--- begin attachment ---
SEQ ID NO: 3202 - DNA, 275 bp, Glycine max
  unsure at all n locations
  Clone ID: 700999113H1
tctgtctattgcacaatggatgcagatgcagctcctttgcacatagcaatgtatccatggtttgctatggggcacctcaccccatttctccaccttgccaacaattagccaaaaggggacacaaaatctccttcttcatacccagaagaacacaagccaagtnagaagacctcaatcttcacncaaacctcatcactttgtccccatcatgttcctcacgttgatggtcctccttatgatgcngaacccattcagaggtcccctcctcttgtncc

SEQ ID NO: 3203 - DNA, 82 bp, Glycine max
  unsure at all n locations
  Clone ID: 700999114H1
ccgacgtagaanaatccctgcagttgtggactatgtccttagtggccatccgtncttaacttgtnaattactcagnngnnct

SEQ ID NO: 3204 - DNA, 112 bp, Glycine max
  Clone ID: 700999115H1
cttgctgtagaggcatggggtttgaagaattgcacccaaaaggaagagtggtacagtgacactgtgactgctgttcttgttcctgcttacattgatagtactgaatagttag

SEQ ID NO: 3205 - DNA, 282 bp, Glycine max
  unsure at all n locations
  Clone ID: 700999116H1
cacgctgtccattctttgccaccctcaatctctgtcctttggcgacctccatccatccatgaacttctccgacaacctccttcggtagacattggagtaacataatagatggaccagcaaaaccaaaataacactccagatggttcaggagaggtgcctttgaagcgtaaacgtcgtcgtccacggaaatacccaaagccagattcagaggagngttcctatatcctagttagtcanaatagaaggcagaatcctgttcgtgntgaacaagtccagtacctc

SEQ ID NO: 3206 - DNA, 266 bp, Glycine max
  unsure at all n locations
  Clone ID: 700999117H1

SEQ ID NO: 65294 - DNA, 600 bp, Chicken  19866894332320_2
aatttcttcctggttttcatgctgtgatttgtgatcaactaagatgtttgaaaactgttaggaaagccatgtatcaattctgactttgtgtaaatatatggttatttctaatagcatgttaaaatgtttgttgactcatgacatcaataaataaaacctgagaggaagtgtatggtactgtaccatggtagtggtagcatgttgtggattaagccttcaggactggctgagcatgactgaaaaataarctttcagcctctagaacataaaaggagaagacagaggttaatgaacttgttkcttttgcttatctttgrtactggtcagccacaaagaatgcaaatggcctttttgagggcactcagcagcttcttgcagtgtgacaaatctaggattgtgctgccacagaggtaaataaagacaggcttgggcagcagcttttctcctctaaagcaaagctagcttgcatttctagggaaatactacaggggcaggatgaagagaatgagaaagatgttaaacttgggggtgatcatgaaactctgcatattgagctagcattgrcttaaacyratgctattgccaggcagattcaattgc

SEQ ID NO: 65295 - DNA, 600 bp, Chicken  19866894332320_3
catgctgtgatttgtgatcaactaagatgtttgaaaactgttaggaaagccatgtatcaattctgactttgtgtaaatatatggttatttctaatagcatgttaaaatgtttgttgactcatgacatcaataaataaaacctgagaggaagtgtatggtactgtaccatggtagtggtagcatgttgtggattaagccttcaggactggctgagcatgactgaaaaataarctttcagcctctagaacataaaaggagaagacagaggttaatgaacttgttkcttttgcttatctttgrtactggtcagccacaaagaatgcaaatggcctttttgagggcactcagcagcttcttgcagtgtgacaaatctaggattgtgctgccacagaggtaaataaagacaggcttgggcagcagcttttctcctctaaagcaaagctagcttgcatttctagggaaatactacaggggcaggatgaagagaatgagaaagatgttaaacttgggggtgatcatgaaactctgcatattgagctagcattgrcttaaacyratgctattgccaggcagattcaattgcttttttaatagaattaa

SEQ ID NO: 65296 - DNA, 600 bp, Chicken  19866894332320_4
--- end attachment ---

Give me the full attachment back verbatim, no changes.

SEQ ID NO: 3202 - DNA, 275 bp, Glycine max
  unsure at all n locations
  Clone ID: 700999113H1
tctgtctattgcacaatggatgcagatgcagctcctttgcacatagcaatgtatccatggtttgctatggggcacctcaccccatttctccaccttgccaacaattagccaaaaggggacacaaaatctccttcttcatacccagaagaacacaagccaagtnagaagacctcaatcttcacncaaacctcatcactttgtccccatcatgttcctcacgttgatggtcctccttatgatgcngaacccattcagaggtcccctcctcttgtncc

SEQ ID NO: 3203 - DNA, 82 bp, Glycine max
  unsure at all n locations
  Clone ID: 700999114H1
ccgacgtagaanaatccctgcagttgtggactatgtccttagtggccatccgtncttaacttgtnaattactcagnngnnct

SEQ ID NO: 3204 - DNA, 112 bp, Glycine max
  Clone ID: 700999115H1
cttgctgtagaggcatggggtttgaagaattgcacccaaaaggaagagtggtacagtgacactgtgactgctgttcttgttcctgcttacattgatagtactgaatagttag

SEQ ID NO: 3205 - DNA, 282 bp, Glycine max
  unsure at all n locations
  Clone ID: 700999116H1
cacgctgtccattctttgccaccctcaatctctgtcctttggcgacctccatccatccatgaacttctccgacaacctccttcggtagacattggagtaacataatagatggaccagcaaaaccaaaataacactccagatggttcaggagaggtgcctttgaagcgtaaacgtcgtcgtccacggaaatacccaaagccagattcagaggagngttcctatatcctagttagtcanaatagaaggcagaatcctgttcgtgntgaacaagtccagtacctc

SEQ ID NO: 3206 - DNA, 266 bp, Glycine max
  unsure at all n locations
  Clone ID: 700999117H1

SEQ ID NO: 65294 - DNA, 600 bp, Chicken  19866894332320_2
aatttcttcctggttttcatgctgtgatttgtgatcaactaagatgtttgaaaactgttaggaaagccatgtatcaattctgactttgtgtaaatatatggttatttctaatagcatgttaaaatgtttgttgactcatgacatcaataaataaaacctgagaggaagtgtatggtactgtaccatggtagtggtagcatgttgtggattaagccttcaggactggctgagcatgactgaaaaataarctttcagcctctagaacataaaaggagaagacagaggttaatgaacttgttkcttttgcttatctttgrtactggtcagccacaaagaatgcaaatggcctttttgagggcactcagcagcttcttgcagtgtgacaaatctaggattgtgctgccacagaggtaaataaagacaggcttgggcagcagcttttctcctctaaagcaaagctagcttgcatttctagggaaatactacaggggcaggatgaagagaatgagaaagatgttaaacttgggggtgatcatgaaactctgcatattgagctagcattgrcttaaacyratgctattgccaggcagattcaattgc

SEQ ID NO: 65295 - DNA, 600 bp, Chicken  19866894332320_3
catgctgtgatttgtgatcaactaagatgtttgaaaactgttaggaaagccatgtatcaattctgactttgtgtaaatatatggttatttctaatagcatgttaaaatgtttgttgactcatgacatcaataaataaaacctgagaggaagtgtatggtactgtaccatggtagtggtagcatgttgtggattaagccttcaggactggctgagcatgactgaaaaataarctttcagcctctagaacataaaaggagaagacagaggttaatgaacttgttkcttttgcttatctttgrtactggtcagccacaaagaatgcaaatggcctttttgagggcactcagcagcttcttgcagtgtgacaaatctaggattgtgctgccacagaggtaaataaagacaggcttgggcagcagcttttctcctctaaagcaaagctagcttgcatttctagggaaatactacaggggcaggatgaagagaatgagaaagatgttaaacttgggggtgatcatgaaactctgcatattgagctagcattgrcttaaacyratgctattgccaggcagattcaattgcttttttaatagaattaa

SEQ ID NO: 65296 - DNA, 600 bp, Chicken  19866894332320_4